Exotic Fruit Flies
** Advisory **
During the Arizona Department of Agriculture's (AZDA) routine exotic fruit fly trapping activity, one male Mexican fruit fly (Anastepha ludens) was detected near the Interstate 10, in a mainly industrial part of Phoenix.
Efforts are now under way to place considerable more exotic fruit fly traps within the boundaries, west to east, between 67th Avenue and 16th Street, and north to south, between Bethany Home Road and Southern Avenue. The trapping effort is following the U.S. Department of Agriculture's response protocol and will help determine the status of the pest in this area.
You may see inspectors within the 81 square miles of the find, placing and servicing these traps. The traps to help attract the pest to the trap contain a water and yeast solution that is not harmful to humans or animals. The AZDA is working closely with our partners with the U.S. Department of Agriculture's, Animal and Plant Health Inspection Service (USDA-APHIS) in this response activity. Inspectors will always be in uniform with either the AZDA logo or the USDA-APHIS logo. This trapping activity could go on for an extended amount of time and will be evaluated as more information is obtained.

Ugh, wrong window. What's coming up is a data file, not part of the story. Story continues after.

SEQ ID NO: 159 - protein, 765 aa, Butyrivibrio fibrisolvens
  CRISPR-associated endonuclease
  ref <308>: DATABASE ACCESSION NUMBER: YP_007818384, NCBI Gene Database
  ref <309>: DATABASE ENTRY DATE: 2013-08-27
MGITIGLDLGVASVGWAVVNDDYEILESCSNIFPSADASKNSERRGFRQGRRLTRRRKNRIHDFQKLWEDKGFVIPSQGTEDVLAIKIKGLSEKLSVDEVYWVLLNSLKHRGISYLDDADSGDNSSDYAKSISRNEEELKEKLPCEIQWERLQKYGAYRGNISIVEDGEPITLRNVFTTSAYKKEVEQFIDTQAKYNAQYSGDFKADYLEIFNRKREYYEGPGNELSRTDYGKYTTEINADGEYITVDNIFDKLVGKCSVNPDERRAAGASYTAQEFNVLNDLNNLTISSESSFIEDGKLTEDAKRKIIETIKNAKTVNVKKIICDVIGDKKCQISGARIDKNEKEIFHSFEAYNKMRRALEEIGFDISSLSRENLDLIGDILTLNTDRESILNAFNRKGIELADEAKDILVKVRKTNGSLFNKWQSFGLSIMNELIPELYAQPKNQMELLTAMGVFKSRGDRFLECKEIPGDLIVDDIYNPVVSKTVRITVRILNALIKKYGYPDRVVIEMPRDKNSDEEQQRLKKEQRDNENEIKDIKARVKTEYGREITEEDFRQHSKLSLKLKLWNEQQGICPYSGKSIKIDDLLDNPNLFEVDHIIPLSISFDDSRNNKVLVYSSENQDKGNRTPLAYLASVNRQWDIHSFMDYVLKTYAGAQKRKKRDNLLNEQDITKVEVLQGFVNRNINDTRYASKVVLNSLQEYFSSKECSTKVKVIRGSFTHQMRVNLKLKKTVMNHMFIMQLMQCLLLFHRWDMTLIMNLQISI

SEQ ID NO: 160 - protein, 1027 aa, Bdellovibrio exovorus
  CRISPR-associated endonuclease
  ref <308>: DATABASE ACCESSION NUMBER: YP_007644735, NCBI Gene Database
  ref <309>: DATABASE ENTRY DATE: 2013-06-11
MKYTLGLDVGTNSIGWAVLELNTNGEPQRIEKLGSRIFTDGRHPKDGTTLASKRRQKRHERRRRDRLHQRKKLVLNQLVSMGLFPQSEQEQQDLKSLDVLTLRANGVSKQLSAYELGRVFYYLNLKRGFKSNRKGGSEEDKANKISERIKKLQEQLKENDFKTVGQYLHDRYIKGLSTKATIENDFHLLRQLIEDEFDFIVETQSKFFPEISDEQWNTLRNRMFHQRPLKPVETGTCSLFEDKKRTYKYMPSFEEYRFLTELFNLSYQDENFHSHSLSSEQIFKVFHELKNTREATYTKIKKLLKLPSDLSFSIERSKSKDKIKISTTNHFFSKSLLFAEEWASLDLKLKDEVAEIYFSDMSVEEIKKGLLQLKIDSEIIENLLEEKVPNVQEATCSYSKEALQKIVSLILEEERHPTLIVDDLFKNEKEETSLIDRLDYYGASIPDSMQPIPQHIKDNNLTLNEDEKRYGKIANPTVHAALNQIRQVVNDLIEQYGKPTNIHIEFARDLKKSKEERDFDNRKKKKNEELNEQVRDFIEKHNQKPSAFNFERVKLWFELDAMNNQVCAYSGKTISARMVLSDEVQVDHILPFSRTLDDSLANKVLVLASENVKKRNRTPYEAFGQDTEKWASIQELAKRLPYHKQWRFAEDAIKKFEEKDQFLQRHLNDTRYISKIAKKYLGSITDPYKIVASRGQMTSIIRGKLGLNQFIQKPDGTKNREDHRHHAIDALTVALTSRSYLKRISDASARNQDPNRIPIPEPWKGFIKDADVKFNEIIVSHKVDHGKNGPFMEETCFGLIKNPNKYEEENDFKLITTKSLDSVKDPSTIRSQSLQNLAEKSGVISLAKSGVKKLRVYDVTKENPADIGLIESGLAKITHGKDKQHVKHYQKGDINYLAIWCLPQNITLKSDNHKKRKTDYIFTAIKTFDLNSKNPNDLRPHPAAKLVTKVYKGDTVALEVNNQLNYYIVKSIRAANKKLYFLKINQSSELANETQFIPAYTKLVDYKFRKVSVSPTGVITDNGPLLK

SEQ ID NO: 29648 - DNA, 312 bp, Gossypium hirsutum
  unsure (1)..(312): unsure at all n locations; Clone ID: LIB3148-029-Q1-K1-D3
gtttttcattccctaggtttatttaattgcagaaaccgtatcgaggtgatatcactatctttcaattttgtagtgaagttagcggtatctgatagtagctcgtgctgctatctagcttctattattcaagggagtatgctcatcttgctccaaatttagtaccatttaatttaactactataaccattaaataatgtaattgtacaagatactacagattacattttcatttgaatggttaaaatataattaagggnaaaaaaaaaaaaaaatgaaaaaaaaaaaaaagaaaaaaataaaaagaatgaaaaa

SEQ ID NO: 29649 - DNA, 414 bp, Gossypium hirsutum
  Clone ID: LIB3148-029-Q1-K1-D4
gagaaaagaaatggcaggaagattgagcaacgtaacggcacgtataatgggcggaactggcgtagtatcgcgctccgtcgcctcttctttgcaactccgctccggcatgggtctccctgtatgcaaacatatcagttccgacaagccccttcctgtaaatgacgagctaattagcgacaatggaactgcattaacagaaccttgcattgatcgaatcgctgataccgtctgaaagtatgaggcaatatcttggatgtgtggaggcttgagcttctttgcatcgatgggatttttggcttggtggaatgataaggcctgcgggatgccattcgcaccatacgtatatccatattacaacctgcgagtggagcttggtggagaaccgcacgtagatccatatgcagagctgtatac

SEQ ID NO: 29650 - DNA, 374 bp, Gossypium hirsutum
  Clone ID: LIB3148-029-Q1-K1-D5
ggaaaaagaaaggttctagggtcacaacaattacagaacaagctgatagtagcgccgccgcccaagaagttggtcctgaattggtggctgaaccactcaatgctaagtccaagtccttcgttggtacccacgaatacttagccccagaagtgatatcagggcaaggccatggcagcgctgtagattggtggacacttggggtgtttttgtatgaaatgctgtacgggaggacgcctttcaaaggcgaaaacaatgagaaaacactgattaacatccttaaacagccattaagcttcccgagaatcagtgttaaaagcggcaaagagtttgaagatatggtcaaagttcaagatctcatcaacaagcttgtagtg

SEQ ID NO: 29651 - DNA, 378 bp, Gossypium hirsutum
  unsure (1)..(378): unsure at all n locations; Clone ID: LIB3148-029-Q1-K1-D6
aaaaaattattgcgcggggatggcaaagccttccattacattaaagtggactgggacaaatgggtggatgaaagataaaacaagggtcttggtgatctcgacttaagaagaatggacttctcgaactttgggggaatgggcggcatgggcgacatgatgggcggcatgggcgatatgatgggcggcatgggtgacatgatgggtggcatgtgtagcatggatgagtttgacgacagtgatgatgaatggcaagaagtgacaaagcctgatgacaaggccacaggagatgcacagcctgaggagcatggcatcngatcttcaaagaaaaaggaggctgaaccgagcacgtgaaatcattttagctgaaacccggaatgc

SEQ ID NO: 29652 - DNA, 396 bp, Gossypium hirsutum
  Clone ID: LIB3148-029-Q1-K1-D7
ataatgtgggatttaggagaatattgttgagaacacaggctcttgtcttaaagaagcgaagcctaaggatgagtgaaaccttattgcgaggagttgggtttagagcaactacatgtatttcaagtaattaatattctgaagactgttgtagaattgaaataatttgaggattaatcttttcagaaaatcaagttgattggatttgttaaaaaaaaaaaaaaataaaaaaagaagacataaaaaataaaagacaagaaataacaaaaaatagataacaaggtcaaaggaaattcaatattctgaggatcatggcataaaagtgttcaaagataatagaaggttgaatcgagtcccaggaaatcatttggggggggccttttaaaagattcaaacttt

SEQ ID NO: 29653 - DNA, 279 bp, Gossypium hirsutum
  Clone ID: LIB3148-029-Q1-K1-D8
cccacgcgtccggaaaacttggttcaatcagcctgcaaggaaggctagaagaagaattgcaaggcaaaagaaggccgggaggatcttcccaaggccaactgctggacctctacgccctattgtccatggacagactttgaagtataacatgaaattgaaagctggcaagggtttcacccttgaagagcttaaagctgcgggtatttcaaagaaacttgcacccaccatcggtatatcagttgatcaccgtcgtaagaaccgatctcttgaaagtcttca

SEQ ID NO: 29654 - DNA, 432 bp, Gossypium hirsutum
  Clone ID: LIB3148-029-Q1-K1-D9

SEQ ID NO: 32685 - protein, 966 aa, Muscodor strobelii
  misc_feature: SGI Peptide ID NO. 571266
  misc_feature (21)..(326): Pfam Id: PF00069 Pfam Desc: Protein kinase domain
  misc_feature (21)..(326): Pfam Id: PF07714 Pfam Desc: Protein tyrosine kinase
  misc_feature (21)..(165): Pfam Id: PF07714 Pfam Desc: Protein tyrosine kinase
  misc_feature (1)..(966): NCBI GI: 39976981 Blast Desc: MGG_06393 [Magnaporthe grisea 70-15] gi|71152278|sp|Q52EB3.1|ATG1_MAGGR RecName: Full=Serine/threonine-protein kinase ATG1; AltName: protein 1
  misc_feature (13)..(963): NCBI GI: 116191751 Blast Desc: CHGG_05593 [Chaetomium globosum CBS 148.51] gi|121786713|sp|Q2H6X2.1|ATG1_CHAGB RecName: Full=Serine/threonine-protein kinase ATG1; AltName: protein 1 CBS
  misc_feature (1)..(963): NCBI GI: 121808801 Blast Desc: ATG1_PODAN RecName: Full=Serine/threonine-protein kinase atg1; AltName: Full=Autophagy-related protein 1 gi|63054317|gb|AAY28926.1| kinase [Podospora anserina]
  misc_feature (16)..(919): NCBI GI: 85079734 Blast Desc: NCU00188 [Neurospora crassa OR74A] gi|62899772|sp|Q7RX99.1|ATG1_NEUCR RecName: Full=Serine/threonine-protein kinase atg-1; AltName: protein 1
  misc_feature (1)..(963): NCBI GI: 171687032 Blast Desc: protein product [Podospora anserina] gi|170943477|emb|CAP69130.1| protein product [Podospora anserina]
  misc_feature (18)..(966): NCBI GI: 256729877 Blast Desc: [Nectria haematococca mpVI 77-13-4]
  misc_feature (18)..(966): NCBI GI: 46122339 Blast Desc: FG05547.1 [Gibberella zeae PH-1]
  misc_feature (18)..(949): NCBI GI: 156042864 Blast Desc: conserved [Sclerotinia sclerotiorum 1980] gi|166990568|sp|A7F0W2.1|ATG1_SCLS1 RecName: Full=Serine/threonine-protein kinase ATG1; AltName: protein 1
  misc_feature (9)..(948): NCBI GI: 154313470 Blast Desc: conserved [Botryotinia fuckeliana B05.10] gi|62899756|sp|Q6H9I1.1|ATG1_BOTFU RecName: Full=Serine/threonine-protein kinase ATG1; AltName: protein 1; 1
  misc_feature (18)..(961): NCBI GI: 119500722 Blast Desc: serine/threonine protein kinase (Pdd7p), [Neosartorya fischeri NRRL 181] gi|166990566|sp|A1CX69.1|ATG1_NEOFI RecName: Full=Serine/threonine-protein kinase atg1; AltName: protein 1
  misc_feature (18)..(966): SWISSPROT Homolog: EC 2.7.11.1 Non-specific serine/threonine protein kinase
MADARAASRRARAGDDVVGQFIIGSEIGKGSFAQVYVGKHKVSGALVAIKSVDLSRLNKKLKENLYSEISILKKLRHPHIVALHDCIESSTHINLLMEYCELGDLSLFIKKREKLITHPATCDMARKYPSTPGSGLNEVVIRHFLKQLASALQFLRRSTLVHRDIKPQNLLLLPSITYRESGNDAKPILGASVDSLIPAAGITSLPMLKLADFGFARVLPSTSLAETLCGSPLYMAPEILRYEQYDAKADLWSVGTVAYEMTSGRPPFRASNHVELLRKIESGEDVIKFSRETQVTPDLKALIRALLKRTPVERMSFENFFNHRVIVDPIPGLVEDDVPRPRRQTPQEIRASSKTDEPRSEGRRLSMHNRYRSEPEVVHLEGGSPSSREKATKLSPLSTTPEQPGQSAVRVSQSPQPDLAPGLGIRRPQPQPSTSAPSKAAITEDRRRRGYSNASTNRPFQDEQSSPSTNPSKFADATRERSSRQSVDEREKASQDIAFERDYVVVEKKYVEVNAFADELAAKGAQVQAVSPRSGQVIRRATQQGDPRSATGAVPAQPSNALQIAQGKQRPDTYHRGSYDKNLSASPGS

We ask that if you have citrus and you find fruit fly like damage, please leave a note on our webpage and include your name, phone number, email address, location, and a brief description of the damage found. CONTACT US.
In addition, if you are located within the described trapping area, we ask for your help over the coming months to not move fruit out of the area as a precaution.
Exotic fruit flies are not harmful to humans or pets. The primary host of the Mexican fruit fly is citrus, but there are a number of other potential hosts as well. The adult Mexican fruit fly is larger than a house fly, about 1.0cm (0.38 inch) long. The body color is a pale orange-yellow with two to three whitish stripes along the thorax. The wings are clear except for several yellow and brown stripes. The female is distinguished by a long and slender ovipositor which is used to deposit eggs beneath the skin of the host fruit. The maggots (larvae) are legless, and range in color from white to yellowish-white, and grow to a length of 1.0 cm within the host fruit.
For additonal information on exotic fruit flies, please see the following page:
Mexican Fruit Fly (Anestrepha ludens)
Exotic Fruit Fly Trap